- Microsoft-owned GitHub said on Sunday that the company's head of human resources resigned after an investigation into the company's dismissal of a Jewish employee.
- On Jan. 8, GitHub fired one of its employees after he expressed concern for colleagues as a violent mob stormed the U.S. Capitol, calling some of the rioters "Nazis."
- After an investigation, GitHub's COO said there were "significant errors of judgment and procedure" with the company's decision to split with the employee.
Microsoft-owned GitHub, the code sharing site for software developers, said on Sunday that the company's head of human resources resigned after an investigation into the company's dismissal of a Jewish employee found "significant errors of judgment and procedure."
On Jan. 8, GitHub fired one of its employees after he expressed concern for colleagues in Washington D.C. as a violent mob supporting President Donald Trump stormed the U.S. Capitol. The terminated employee told TechCrunch in an interview published on Friday that he made a comment in Slack saying "stay safe homies, Nazis are about."
Fellow GitHub employees raised concerns about why the company fired the employee immediately afterward, according to a statement from Chief Operating Officer Erica Brescia. After an independent investigation, the company found "significant errors of judgment and procedure" concerning the dismissal of the employee, Brescia said.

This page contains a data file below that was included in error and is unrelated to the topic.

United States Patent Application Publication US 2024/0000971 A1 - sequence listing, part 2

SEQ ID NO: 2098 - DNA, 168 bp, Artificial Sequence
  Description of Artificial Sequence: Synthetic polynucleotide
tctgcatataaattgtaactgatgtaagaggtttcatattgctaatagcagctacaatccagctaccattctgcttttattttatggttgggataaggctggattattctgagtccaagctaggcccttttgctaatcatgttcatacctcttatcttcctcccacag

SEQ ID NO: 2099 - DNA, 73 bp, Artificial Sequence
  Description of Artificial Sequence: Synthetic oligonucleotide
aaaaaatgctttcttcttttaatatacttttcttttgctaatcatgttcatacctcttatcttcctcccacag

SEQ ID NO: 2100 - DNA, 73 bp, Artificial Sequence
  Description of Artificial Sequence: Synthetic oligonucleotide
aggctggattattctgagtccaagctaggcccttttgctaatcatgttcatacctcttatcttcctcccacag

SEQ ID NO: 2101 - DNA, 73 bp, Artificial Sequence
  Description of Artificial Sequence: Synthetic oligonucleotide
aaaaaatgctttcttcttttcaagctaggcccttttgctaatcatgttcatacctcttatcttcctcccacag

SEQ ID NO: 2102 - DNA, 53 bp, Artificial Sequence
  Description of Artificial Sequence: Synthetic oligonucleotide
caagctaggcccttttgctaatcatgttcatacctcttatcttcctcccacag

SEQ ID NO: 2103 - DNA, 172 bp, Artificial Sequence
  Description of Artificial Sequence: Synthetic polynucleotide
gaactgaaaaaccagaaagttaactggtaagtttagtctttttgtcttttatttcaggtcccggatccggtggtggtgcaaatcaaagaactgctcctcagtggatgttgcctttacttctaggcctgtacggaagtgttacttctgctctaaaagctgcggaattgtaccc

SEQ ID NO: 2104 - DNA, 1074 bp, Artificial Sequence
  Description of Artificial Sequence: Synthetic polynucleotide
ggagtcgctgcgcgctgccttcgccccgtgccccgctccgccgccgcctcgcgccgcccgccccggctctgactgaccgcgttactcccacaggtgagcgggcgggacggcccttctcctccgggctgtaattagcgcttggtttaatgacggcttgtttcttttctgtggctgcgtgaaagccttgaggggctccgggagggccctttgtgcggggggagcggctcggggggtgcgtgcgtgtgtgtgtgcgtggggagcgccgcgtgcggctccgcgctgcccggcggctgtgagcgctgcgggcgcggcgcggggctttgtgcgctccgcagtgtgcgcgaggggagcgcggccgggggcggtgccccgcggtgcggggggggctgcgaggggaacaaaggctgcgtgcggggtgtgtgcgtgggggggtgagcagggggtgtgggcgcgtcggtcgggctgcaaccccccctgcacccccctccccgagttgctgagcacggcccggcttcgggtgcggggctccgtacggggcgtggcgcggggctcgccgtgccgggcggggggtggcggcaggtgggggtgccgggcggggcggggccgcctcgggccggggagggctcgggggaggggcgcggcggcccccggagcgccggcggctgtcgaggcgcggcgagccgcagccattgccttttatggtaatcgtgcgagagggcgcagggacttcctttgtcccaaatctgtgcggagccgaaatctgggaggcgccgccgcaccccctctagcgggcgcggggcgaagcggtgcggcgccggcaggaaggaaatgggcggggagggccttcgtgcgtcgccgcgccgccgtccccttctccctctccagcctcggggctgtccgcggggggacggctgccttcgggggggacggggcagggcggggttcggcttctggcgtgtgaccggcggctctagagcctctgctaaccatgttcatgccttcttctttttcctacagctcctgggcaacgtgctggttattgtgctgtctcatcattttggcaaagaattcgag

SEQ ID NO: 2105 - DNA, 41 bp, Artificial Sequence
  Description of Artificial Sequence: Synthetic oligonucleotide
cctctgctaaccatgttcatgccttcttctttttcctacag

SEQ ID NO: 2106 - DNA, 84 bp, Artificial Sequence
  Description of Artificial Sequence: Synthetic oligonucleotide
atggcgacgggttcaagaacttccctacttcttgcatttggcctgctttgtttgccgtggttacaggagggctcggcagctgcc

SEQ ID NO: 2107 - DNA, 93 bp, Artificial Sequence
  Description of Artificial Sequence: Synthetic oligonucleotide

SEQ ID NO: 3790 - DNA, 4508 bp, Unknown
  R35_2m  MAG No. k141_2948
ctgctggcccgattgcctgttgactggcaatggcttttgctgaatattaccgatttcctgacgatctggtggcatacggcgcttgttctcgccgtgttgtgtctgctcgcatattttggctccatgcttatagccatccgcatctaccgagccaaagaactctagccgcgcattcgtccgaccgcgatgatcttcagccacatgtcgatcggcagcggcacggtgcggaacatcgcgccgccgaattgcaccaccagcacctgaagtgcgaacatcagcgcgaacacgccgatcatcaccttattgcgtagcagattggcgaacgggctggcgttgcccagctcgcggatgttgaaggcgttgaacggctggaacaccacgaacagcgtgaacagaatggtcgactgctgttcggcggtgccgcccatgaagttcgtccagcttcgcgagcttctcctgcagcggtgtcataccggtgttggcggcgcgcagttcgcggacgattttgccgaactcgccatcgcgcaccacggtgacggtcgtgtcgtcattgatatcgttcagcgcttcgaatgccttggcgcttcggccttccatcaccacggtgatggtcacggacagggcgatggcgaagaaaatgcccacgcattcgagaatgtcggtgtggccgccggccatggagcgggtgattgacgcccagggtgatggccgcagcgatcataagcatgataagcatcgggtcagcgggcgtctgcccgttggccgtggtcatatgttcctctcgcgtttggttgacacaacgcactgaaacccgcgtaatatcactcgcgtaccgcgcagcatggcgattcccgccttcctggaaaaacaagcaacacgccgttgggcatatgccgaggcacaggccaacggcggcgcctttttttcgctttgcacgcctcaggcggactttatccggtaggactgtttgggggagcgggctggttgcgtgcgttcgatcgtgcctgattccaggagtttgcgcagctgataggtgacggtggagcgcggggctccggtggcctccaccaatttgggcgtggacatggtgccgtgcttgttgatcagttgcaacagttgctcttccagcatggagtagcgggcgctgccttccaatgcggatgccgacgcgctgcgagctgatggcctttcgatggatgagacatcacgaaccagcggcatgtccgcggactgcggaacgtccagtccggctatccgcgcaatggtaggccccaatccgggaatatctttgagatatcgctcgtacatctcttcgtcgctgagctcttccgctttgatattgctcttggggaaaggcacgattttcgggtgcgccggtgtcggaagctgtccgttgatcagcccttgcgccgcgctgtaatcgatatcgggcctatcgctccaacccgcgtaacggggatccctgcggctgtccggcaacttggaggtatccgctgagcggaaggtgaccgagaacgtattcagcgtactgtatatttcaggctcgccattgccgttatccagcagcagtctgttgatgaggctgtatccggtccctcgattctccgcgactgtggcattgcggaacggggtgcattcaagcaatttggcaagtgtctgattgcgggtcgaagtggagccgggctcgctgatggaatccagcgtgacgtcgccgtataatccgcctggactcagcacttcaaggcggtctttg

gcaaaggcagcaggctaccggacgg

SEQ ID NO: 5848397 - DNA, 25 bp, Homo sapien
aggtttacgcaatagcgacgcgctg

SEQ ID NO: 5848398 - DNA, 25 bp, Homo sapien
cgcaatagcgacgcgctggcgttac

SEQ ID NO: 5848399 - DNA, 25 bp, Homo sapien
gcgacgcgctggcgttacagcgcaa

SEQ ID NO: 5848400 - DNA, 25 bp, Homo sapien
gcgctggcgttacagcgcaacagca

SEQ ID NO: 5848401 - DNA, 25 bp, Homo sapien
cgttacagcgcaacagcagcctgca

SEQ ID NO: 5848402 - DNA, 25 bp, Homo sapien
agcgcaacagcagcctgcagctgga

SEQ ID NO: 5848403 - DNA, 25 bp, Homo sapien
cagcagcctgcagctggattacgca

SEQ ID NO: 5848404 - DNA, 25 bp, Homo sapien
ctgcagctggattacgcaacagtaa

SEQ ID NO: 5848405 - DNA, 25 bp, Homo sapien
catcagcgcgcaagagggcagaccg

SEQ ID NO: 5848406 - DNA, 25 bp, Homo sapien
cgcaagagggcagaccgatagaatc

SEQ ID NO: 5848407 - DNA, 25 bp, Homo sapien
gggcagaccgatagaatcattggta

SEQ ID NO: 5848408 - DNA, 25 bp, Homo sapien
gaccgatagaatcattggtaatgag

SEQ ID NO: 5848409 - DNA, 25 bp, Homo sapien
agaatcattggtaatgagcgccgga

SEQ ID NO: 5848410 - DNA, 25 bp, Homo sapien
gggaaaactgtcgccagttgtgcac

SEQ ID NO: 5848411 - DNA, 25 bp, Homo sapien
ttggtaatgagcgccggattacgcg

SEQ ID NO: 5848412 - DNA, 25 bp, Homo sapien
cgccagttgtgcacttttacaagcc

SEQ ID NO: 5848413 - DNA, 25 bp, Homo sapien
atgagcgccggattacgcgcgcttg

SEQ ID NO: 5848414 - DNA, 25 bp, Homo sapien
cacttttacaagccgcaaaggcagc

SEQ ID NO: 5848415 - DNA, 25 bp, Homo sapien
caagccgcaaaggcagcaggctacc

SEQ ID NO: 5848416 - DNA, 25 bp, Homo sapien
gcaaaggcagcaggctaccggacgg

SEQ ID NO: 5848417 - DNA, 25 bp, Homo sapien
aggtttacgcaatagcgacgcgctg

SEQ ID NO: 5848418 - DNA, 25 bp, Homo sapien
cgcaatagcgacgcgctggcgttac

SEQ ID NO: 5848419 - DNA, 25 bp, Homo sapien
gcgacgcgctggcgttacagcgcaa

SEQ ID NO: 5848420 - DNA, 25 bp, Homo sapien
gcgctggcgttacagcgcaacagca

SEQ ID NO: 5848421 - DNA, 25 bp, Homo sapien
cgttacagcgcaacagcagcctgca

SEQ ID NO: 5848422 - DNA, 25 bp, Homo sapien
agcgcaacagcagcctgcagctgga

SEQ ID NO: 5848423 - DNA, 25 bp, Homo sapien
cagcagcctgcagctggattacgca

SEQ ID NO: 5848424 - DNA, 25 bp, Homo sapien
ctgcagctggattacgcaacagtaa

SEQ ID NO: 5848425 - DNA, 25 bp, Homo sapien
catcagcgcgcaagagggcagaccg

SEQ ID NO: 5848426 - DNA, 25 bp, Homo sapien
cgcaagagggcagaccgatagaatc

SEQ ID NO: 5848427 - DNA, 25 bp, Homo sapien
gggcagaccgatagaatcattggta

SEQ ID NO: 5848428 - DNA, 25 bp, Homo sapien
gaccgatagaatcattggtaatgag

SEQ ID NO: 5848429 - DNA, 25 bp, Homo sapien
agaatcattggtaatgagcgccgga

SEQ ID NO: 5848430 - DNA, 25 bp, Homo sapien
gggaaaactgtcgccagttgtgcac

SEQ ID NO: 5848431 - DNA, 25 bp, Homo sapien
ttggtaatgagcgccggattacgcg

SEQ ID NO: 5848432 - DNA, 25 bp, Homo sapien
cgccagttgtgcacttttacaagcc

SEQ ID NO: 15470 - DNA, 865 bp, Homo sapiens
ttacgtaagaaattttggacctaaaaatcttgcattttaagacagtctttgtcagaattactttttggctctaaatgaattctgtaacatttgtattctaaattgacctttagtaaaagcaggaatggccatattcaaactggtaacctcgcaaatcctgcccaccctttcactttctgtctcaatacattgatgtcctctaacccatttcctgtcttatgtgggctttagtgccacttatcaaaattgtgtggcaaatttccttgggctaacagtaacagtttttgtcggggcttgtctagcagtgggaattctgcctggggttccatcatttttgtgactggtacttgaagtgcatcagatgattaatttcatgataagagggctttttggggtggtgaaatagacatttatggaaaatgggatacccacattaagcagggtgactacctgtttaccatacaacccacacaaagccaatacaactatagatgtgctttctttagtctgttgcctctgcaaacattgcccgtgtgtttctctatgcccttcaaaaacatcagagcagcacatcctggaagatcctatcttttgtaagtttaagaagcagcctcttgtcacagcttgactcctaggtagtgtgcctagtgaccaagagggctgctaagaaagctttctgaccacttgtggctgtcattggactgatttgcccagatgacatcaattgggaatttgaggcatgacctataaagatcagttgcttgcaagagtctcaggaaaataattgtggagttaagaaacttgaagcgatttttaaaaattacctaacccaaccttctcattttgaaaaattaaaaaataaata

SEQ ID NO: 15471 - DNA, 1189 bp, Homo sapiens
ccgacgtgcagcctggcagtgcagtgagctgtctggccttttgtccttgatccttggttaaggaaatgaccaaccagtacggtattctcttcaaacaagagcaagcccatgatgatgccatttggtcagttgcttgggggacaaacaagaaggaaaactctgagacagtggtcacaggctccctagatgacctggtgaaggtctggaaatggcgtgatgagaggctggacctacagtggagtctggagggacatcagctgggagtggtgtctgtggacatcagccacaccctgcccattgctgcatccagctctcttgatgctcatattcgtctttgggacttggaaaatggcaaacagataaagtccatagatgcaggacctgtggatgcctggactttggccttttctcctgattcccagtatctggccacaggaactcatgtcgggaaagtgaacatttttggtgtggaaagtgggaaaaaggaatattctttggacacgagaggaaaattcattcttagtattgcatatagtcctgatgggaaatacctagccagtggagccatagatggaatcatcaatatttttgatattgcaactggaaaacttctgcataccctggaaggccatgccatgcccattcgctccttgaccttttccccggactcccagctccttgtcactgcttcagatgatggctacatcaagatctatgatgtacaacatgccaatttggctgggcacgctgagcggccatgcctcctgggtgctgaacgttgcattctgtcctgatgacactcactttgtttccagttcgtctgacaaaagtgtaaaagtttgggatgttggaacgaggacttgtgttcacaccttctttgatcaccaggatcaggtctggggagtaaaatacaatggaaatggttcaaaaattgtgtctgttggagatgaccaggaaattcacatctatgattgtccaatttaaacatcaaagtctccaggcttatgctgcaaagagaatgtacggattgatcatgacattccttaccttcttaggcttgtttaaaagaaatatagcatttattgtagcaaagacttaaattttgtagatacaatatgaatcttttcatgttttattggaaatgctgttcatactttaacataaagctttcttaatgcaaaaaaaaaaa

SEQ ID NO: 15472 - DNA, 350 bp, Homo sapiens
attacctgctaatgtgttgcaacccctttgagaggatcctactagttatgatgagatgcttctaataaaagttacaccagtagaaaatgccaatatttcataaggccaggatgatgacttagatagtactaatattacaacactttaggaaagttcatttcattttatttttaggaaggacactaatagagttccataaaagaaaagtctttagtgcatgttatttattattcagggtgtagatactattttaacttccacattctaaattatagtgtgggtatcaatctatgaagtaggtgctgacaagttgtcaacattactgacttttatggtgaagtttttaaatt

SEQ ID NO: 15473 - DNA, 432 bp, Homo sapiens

"Our head of HR has taken personal accountability and resigned from GitHub yesterday morning, Saturday, January 16th," Brescia said in a blog post on Sunday. The company did not disclose the name of the human resources chief who resigned, however, Carrie Olesen has served in the top spot.
A spokesperson for the company wasn't immediately available for comment. Brescia said GitHub "immediately reversed" its decision to split with the employee "and are in communication with his representative."
"To the employee we wish to say publicly: we sincerely apologize," Brescia said.
The company's Chief Executive Officer Nat Friedman acknowledged in the post that the violent mob did include "Nazis and white supremacists."
On Wednesday, FBI spokeswoman Christina Pullen said in a statement that a man who was photographed at the riot wearing a "Camp Auschwitz" shirt was arrested, NBC News reported. A rioter photographed carrying a Confederate battle flag in the halls of the Capitol was also arrested the following day.
"Employees are free to express concerns about Nazis, antisemitism, white supremacy or any other form of discrimination or harassment in internal discussions," Friedman said in a statement.